NFL commissioner Roger Goodell is not the most popular guy. We've been reminded, often, lately, about his help to keep the New Orleans Saints in New Orleans after Hurricane Katrina, how he wants the Superdome to remain a Super Bowl destination, and how we should put the past behind us and move forward and just enjoy the game, will ya. Grudge-holding Saints fans, however, will forever remember Goodell as the villain in the 2012-2013 Saints season. His unpopularity was so obvious the dude was the subject of a lecture on politeness courtesy of Mayor Mitch Landrieu, who reminded the city to "be on your best behavior," knowing full well (and sympathizing with) the bitterness, and the "Go to Hell Goodell"s and "Do Not Serve This Man"s around town. Oh, and then there's the Krewe du Vieux float picturing Goodell being eaten by a giant vagina. Guy has had a rough couple weeks.
Today, Goodell made his first public Super Bowl XLVII appearance in New Orleans before a massive press crowd. No tomatoes were thrown. He had nothing but kind things to say about the city, but also to Saints fans. WWL-TV's Paul Murphy asked, "Do you feel welcome here?"
"I couldn't feel more welcome here. ... I had a float in a Mardi Gras parade. I'm serious — people here have been incredible," he said. "I understand a fan's loyalty is to the team. They had no part in this. They were completely innocent in this. I appreciate the passion. I saw it for myself when we were down here for Katrina. It's clear that's what they're all about."
That is, Verizon's Super Bowl Boulevard, the free four-day music and food event from Super Bowl XLVII spanning Woldenberg Park from Jackson Square to Canal Street.
The festival opens tonight with the delivery of the Super Bowl XLVII numerals by barge — they'll arrive at 6:30 p.m. The music starts at 5 p.m. There's also food from 17 restaurants and vendors, all serving 50 dishes, from crab cakes and bread pudding to hot dogs from Vaucresson's Sausage Company.
Find more info about the event in Gambit, and check below for the full daily lineup.
St. Augustine High School's Marching 100 blasted through the Ernest N. Morial Convention Center, and at its lead were Louisiana State Police, looking crisp in blue and really pissed off (or stern, can't tell), surrounding Deuce McCallister, whose gloved hands carried the Vince Lombardi Trophy down a red carpet to its glass-cased throne under a massive portrait of itself.
That long-winded sentence is to say that people really love the Lombardi trophy. When the NFL Experience opened this afternoon, New Orleans Saints fans were first in line. When McAllister smiled and strolled (albeit in a cloud of armed protection surrounded by a layer of flashing cameras) with the Lombardi, fans were locked in its not-so-distant memory tractor beam — a token of the Super Bowl XLIV win, the beloved Deuuuuuuce chant, "party with the Lombardi." Instant heart-tugging nostalgia set in for those first-in-the-door Saints fans.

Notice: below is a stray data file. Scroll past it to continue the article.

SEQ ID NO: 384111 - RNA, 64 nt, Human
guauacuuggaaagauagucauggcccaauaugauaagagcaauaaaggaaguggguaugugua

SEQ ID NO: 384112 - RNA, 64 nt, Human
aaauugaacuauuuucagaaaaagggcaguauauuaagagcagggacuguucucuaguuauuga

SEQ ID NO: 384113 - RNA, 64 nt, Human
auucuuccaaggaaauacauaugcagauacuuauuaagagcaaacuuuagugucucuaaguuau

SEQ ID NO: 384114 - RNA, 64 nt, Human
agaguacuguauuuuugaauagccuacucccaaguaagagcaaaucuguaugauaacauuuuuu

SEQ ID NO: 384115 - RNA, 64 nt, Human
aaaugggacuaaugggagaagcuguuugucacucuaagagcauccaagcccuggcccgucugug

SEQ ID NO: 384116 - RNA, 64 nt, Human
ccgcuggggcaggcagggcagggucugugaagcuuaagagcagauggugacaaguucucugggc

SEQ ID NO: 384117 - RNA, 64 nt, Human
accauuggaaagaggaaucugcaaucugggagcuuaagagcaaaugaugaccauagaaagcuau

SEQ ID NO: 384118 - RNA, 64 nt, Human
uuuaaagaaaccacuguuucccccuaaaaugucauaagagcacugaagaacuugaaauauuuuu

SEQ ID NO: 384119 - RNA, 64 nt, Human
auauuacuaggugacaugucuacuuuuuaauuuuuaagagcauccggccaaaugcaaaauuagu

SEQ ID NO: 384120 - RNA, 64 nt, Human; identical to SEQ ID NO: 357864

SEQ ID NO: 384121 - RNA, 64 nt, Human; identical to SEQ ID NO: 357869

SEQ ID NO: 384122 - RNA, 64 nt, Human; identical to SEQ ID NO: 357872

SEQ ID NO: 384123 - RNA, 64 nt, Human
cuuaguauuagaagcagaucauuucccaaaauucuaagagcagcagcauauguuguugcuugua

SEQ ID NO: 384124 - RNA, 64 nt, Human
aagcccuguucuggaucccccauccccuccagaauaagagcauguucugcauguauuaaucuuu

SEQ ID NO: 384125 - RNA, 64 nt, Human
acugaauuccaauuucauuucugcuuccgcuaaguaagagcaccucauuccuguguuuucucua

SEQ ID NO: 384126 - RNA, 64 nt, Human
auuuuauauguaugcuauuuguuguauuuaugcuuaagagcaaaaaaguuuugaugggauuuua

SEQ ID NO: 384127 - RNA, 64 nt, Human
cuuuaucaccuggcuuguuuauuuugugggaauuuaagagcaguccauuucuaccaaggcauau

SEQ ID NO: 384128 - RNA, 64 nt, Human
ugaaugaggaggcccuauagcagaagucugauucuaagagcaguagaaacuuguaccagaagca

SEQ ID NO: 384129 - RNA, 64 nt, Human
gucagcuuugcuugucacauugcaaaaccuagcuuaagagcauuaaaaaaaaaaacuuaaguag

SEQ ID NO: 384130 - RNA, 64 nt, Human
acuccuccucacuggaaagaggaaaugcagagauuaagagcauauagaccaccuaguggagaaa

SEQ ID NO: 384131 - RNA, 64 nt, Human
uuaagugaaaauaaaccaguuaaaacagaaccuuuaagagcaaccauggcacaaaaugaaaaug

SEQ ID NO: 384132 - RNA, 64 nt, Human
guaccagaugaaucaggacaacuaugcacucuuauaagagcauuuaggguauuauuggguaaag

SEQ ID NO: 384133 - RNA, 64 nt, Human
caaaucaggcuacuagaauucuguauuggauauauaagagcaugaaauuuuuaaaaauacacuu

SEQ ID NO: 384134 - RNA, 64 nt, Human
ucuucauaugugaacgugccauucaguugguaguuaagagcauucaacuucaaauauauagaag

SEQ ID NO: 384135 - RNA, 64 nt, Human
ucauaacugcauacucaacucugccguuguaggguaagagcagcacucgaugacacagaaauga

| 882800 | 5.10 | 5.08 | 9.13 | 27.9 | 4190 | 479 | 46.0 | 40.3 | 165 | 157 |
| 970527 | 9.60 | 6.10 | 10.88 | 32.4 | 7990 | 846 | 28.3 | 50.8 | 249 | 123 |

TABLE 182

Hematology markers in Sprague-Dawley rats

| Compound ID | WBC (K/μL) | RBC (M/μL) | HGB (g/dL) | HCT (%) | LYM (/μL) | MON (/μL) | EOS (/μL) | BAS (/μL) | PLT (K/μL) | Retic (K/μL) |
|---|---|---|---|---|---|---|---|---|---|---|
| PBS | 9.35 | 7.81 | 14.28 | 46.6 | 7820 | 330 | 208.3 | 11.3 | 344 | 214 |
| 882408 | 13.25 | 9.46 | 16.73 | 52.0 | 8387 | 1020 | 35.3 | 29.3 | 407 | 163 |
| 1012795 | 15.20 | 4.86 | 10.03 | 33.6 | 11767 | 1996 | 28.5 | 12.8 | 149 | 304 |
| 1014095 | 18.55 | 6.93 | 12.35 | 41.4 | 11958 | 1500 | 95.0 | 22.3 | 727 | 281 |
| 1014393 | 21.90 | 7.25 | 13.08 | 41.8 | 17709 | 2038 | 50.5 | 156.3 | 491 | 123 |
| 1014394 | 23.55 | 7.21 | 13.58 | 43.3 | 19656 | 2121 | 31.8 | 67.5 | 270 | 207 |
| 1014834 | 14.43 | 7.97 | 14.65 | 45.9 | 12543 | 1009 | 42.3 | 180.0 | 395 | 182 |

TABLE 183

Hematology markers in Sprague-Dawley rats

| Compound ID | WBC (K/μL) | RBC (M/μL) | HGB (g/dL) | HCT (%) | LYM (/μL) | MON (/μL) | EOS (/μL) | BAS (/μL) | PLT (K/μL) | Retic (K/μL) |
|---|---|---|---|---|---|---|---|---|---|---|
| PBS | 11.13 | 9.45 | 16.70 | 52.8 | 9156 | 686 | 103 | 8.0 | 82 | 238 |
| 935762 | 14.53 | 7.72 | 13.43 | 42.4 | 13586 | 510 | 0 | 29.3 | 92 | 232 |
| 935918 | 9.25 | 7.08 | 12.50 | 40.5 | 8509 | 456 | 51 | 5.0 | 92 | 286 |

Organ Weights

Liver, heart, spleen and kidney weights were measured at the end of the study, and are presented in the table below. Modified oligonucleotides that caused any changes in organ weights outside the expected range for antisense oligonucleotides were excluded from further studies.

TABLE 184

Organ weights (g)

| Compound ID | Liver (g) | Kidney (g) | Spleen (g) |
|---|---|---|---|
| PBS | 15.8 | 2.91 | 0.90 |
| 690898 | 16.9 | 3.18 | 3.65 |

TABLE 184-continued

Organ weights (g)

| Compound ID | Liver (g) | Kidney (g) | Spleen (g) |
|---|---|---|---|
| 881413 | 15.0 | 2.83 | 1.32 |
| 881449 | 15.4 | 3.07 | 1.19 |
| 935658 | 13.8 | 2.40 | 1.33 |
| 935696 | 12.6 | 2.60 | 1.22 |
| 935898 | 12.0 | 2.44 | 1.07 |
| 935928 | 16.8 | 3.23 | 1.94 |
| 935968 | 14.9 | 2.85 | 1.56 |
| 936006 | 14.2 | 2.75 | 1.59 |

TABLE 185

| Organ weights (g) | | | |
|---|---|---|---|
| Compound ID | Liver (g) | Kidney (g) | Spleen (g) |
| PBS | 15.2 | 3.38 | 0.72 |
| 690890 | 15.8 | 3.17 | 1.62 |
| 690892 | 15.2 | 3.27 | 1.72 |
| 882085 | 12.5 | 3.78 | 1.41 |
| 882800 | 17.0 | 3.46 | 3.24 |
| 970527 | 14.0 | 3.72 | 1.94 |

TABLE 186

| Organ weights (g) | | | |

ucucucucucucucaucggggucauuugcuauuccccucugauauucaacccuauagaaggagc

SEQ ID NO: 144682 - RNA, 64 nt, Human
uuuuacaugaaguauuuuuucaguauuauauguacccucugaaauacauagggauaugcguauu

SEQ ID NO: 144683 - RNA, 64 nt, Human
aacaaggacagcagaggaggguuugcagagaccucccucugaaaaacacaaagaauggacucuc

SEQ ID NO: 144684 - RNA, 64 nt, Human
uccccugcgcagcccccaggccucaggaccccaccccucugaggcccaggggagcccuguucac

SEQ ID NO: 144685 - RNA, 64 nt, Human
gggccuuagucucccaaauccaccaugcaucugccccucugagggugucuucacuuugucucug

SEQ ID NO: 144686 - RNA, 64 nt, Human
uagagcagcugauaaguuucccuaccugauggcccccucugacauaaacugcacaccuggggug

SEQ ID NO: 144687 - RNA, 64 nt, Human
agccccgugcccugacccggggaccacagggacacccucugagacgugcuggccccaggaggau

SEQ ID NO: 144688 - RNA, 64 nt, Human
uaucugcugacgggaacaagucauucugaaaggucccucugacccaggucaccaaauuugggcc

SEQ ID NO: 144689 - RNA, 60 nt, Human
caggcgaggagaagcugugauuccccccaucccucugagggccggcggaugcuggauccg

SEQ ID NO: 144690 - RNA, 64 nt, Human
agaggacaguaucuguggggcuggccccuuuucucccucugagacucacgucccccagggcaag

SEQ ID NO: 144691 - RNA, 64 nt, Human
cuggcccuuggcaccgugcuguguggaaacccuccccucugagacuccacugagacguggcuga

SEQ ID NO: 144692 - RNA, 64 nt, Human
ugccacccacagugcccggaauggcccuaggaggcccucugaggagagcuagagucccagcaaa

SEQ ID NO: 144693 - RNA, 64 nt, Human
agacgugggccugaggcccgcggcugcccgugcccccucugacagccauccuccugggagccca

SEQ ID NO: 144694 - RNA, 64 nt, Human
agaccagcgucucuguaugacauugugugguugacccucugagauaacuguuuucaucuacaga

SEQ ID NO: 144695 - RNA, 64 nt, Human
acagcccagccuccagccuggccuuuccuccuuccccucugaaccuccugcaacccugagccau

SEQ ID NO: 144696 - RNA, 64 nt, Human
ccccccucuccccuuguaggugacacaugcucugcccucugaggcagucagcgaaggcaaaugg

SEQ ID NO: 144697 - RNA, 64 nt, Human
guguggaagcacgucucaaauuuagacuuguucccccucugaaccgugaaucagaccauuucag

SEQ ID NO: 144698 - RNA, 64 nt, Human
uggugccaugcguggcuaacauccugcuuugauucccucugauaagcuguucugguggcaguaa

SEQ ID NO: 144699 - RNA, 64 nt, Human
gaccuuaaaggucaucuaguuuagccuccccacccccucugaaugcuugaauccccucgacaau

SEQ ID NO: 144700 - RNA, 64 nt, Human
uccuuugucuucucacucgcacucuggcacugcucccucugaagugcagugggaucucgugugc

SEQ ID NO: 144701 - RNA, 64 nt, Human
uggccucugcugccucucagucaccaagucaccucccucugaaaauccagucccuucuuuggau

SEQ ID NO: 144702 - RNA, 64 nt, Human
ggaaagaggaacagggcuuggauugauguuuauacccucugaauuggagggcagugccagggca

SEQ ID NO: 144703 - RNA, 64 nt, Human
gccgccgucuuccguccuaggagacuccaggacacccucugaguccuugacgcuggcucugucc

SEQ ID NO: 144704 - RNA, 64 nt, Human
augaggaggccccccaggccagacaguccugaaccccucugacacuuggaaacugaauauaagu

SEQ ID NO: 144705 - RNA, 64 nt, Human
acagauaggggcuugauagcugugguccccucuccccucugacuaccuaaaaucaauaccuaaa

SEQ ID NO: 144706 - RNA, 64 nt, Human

Though some out-of-town visitors squinted and asked, "Who is that?" (but not in that way overplayed ironic way of saying "Who Dat.")
Yesterday, Jay Cicero, head of the Greater New Orleans Sports Foundation, made it official: New Orleans intends to make its case to bring the Super Bowl back in 2018.
Last night in his WWL-TV commentary, Gambit political editor Clancy DuBos said it’s not too early to plan for Super Bowl LII.
Boy was that a whole lot of craziness that just went on at the Superdome.
Having never been to a Super Bowl Media Day before, I don't know if there's much I can really offer other than saying that for one hour, each team is subjected to a barrage of questions and photographs from infinite angles. There's a lot of silliness, humor and fun mixed in with actual reporters covering the actual game.
In the interest of brevity and because #mediaday is trending and this is a thing that is part of our reality now, I'm just gonna let the pictures do the rest of the talking.
The Super Bowl Committee estimates more than 5,000 reporters arrived in New Orleans to cover Super Bowl XLVII. Today, buses unloaded them all, seemingly, into the Superdome for Media Day. Fans filled the lower bowl sideline to watch the San Francisco 49ers and Baltimore Ravens host Q&A sessions with reporters, and reporters from all over the world get one-on-one with the players — attendees could tune in to free personal ear-clip radios to tune into each network or interview stage. Media Day opened to the public for the first time last year in Indianapolis.